1) The economy and which candidate grabs hold of the public's frustration and fear on a topic that is now #1 for fully 50 percent of Virginia voters. So far, according to the poll, Virginians are narrowly willing to go along with the mega-bailout that the president and Congress are coalescing around. But the 46-42 margin of approval is tight, and only 10 percent of those polled are strongly in favor of the bailout, while 21 percent strongly oppose it. Neither Obama nor McCain has spoken in ways that connect emotionally or rationally with that deep sense of unease that many, if not most, people have with the bailout, though McCain is now clearly testing out a more populist approach on the topic.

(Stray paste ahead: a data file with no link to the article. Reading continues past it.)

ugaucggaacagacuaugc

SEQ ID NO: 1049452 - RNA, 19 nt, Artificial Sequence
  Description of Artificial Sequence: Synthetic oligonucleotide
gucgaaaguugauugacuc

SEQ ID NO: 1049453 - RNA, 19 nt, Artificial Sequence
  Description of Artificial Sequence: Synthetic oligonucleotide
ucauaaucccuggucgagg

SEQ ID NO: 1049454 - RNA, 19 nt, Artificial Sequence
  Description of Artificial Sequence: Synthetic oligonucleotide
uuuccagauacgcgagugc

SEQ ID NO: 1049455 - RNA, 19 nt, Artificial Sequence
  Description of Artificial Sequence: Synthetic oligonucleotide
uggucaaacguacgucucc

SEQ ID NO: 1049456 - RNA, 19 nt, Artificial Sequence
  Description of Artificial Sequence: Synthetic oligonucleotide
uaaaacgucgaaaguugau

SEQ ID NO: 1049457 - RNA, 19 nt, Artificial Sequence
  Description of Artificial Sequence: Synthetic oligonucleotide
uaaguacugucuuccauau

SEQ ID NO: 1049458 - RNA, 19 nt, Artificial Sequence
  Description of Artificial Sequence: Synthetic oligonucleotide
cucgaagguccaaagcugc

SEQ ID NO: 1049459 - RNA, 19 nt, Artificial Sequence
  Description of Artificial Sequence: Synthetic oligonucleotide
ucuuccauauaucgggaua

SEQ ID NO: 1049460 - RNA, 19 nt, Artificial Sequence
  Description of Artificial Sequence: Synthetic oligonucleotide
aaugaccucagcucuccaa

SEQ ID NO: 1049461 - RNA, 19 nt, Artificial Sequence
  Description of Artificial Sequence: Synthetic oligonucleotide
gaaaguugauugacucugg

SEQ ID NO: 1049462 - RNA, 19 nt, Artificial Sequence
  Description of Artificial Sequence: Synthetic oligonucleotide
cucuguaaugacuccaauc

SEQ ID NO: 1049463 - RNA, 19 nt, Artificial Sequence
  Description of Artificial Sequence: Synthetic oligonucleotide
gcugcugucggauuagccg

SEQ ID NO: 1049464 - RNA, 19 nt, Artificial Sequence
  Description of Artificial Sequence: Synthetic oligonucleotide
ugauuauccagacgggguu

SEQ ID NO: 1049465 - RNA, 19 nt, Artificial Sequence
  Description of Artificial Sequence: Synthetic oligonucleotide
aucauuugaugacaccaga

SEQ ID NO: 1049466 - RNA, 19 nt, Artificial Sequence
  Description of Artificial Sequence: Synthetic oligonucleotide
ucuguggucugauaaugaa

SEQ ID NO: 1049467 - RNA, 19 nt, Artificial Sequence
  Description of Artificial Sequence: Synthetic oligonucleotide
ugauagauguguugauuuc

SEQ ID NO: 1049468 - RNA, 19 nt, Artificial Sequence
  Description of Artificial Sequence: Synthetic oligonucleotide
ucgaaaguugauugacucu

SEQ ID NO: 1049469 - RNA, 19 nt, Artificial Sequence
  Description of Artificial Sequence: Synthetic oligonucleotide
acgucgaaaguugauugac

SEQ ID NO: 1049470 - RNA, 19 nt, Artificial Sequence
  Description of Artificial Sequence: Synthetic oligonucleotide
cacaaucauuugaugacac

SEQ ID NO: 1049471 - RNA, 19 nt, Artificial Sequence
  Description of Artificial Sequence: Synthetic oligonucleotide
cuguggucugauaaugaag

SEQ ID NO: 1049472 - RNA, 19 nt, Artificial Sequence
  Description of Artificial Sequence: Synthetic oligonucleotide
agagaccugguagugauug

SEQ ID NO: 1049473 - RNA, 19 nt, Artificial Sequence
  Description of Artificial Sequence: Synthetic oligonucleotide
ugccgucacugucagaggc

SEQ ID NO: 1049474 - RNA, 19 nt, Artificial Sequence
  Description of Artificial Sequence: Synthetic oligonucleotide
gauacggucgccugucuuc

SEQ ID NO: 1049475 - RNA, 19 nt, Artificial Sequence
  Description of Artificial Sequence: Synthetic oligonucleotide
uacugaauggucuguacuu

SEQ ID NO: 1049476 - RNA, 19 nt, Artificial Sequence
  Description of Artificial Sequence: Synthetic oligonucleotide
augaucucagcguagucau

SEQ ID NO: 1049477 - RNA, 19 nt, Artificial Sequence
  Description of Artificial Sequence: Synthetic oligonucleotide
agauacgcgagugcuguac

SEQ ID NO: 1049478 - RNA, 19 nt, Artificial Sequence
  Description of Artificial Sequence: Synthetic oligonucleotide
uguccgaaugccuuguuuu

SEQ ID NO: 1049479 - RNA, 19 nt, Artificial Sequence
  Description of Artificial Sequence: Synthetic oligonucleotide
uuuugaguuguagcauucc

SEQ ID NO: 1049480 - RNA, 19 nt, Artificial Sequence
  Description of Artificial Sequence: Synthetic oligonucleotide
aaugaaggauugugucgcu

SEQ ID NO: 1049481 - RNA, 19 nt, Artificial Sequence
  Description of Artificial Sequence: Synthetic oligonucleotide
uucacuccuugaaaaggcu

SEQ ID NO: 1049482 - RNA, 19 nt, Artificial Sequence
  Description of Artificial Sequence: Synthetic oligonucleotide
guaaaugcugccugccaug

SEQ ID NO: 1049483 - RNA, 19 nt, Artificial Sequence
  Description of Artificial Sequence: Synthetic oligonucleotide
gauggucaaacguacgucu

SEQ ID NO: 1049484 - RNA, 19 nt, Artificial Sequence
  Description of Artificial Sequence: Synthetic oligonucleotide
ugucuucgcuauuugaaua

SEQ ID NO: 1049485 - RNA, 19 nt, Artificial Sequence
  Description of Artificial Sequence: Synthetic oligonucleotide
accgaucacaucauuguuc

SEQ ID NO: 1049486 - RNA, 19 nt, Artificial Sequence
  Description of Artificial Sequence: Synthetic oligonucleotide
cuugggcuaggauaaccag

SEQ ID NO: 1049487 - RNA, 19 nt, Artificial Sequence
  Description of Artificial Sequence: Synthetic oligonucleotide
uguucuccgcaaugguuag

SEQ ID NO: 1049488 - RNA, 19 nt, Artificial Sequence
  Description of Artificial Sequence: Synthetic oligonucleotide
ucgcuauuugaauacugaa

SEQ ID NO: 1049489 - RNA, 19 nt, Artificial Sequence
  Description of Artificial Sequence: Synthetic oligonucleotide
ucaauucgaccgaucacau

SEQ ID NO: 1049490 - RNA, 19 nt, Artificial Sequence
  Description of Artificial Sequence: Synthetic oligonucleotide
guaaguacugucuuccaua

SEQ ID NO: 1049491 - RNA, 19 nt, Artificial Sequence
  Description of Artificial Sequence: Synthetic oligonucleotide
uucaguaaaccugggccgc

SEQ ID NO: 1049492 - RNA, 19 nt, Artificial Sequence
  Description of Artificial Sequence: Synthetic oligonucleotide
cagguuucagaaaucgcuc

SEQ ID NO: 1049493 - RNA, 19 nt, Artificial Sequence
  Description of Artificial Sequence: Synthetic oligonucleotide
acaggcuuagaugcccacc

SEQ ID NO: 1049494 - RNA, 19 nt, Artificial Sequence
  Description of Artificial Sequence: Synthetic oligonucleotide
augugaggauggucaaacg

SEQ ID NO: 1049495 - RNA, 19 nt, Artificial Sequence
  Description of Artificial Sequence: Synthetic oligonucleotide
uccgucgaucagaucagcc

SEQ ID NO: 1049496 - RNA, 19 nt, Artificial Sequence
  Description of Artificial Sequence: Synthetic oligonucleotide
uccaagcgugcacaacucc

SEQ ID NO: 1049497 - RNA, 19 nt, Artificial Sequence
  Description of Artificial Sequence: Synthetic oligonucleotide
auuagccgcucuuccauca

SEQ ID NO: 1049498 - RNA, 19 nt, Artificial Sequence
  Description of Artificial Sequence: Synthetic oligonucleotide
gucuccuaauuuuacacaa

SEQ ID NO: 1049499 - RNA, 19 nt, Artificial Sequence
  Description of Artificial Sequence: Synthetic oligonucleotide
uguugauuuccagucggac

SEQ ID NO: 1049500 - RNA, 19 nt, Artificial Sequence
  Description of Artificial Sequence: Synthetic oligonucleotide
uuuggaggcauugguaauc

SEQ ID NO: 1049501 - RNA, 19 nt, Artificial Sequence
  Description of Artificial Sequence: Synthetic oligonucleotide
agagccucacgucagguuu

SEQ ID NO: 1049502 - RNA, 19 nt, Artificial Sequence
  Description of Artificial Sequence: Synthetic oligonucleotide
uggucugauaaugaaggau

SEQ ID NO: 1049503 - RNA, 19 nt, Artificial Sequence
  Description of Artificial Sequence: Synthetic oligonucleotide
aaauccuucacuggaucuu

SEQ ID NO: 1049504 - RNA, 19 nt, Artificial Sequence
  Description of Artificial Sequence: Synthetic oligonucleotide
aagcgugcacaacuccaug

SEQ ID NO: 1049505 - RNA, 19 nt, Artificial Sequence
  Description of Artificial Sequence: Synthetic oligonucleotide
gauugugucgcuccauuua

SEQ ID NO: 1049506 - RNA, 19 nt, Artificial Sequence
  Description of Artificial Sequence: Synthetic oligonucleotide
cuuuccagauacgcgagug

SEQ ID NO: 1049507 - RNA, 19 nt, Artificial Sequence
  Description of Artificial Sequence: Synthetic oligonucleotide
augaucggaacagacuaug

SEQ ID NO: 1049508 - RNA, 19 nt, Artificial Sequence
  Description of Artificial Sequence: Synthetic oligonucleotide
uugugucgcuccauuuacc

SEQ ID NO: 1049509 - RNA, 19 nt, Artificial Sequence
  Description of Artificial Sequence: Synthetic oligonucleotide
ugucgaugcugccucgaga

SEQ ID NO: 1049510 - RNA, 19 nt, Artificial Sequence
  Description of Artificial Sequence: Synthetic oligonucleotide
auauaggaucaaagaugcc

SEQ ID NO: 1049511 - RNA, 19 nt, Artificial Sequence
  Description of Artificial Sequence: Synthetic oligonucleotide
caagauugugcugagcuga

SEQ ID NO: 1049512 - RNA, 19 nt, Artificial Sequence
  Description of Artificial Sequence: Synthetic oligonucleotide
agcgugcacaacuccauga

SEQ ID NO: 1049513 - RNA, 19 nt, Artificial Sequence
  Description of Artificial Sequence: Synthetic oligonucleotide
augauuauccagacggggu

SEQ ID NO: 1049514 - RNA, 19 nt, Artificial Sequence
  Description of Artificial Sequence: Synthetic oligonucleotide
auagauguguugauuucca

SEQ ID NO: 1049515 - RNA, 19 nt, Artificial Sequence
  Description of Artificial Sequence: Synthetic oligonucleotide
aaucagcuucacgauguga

2) The Palin phenomenon is no passing fancy. Even if she continues to avoid questioning from the people or the news media, something about her continues to resonate with many people as an alternative to politics as usual. But as much as McCain holds on tight to Palin's coattails, will that be enough to persuade skeptical independents that this is the change they are looking for? Forty-five percent of Virginia voters who call themselves Christian describe themselves in our poll as "born-again or evangelical," but 67 percent of all polled say they are liberal or moderate. Will voters focus more on personality, identity and affinity, or on pocketbook and other policy questions?